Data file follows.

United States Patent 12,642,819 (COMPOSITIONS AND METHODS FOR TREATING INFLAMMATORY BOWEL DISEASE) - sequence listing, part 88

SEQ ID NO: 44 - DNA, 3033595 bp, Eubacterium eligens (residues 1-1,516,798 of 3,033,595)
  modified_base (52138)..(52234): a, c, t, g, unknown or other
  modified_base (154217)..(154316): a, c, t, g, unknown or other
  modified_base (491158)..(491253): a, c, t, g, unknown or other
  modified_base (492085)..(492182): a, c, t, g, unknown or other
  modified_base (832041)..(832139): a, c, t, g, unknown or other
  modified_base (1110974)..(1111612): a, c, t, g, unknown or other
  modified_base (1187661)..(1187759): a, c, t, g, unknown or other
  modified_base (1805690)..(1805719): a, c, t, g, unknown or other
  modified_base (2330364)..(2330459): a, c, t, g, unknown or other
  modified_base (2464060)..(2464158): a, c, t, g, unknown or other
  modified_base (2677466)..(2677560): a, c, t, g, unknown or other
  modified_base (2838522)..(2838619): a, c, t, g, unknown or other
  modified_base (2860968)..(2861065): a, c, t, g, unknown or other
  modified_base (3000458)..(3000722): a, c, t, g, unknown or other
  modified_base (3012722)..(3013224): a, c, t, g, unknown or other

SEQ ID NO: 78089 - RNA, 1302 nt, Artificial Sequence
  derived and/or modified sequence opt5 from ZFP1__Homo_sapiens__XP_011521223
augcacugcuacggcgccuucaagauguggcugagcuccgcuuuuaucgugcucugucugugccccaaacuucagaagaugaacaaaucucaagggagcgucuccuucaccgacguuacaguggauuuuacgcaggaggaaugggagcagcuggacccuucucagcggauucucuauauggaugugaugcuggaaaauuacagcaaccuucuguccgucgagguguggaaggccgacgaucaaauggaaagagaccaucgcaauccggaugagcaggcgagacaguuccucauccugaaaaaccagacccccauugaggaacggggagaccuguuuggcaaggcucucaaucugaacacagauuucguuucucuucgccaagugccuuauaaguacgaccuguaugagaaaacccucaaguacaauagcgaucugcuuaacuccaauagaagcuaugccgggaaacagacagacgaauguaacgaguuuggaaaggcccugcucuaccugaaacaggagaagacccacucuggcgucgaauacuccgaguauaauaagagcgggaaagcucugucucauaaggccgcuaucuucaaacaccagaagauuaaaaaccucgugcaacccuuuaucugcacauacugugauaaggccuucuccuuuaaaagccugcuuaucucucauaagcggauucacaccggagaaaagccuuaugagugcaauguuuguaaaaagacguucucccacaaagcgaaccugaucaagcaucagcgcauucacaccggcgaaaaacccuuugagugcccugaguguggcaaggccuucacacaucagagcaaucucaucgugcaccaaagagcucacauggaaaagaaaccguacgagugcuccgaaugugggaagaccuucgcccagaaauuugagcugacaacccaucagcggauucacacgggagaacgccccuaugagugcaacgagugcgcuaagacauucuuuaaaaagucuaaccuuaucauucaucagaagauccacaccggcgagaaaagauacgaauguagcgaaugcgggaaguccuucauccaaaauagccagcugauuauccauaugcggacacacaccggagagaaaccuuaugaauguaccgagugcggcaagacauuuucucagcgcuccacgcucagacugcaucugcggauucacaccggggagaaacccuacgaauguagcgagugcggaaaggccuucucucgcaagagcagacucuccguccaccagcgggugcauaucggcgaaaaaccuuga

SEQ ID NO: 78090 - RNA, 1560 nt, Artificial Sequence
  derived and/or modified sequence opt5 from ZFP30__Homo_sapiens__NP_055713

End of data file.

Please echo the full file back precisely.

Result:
United States Patent 12,642,819 (COMPOSITIONS AND METHODS FOR TREATING INFLAMMATORY BOWEL DISEASE) - sequence listing, part 88

SEQ ID NO: 44 - DNA, 3033595 bp, Eubacterium eligens (residues 1-1,516,798 of 3,033,595)
  modified_base (52138)..(52234): a, c, t, g, unknown or other
  modified_base (154217)..(154316): a, c, t, g, unknown or other
  modified_base (491158)..(491253): a, c, t, g, unknown or other
  modified_base (492085)..(492182): a, c, t, g, unknown or other
  modified_base (832041)..(832139): a, c, t, g, unknown or other
  modified_base (1110974)..(1111612): a, c, t, g, unknown or other
  modified_base (1187661)..(1187759): a, c, t, g, unknown or other
  modified_base (1805690)..(1805719): a, c, t, g, unknown or other
  modified_base (2330364)..(2330459): a, c, t, g, unknown or other
  modified_base (2464060)..(2464158): a, c, t, g, unknown or other
  modified_base (2677466)..(2677560): a, c, t, g, unknown or other
  modified_base (2838522)..(2838619): a, c, t, g, unknown or other
  modified_base (2860968)..(2861065): a, c, t, g, unknown or other
  modified_base (3000458)..(3000722): a, c, t, g, unknown or other
  modified_base (3012722)..(3013224): a, c, t, g, unknown or other

SEQ ID NO: 78089 - RNA, 1302 nt, Artificial Sequence
  derived and/or modified sequence opt5 from ZFP1__Homo_sapiens__XP_011521223
augcacugcuacggcgccuucaagauguggcugagcuccgcuuuuaucgugcucugucugugccccaaacuucagaagaugaacaaaucucaagggagcgucuccuucaccgacguuacaguggauuuuacgcaggaggaaugggagcagcuggacccuucucagcggauucucuauauggaugugaugcuggaaaauuacagcaaccuucuguccgucgagguguggaaggccgacgaucaaauggaaagagaccaucgcaauccggaugagcaggcgagacaguuccucauccugaaaaaccagacccccauugaggaacggggagaccuguuuggcaaggcucucaaucugaacacagauuucguuucucuucgccaagugccuuauaaguacgaccuguaugagaaaacccucaaguacaauagcgaucugcuuaacuccaauagaagcuaugccgggaaacagacagacgaauguaacgaguuuggaaaggcccugcucuaccugaaacaggagaagacccacucuggcgucgaauacuccgaguauaauaagagcgggaaagcucugucucauaaggccgcuaucuucaaacaccagaagauuaaaaaccucgugcaacccuuuaucugcacauacugugauaaggccuucuccuuuaaaagccugcuuaucucucauaagcggauucacaccggagaaaagccuuaugagugcaauguuuguaaaaagacguucucccacaaagcgaaccugaucaagcaucagcgcauucacaccggcgaaaaacccuuugagugcccugaguguggcaaggccuucacacaucagagcaaucucaucgugcaccaaagagcucacauggaaaagaaaccguacgagugcuccgaaugugggaagaccuucgcccagaaauuugagcugacaacccaucagcggauucacacgggagaacgccccuaugagugcaacgagugcgcuaagacauucuuuaaaaagucuaaccuuaucauucaucagaagauccacaccggcgagaaaagauacgaauguagcgaaugcgggaaguccuucauccaaaauagccagcugauuauccauaugcggacacacaccggagagaaaccuuaugaauguaccgagugcggcaagacauuuucucagcgcuccacgcucagacugcaucugcggauucacaccggggagaaacccuacgaauguagcgagugcggaaaggccuucucucgcaagagcagacucuccguccaccagcgggugcauaucggcgaaaaaccuuga

SEQ ID NO: 78090 - RNA, 1560 nt, Artificial Sequence
  derived and/or modified sequence opt5 from ZFP30__Homo_sapiens__NP_055713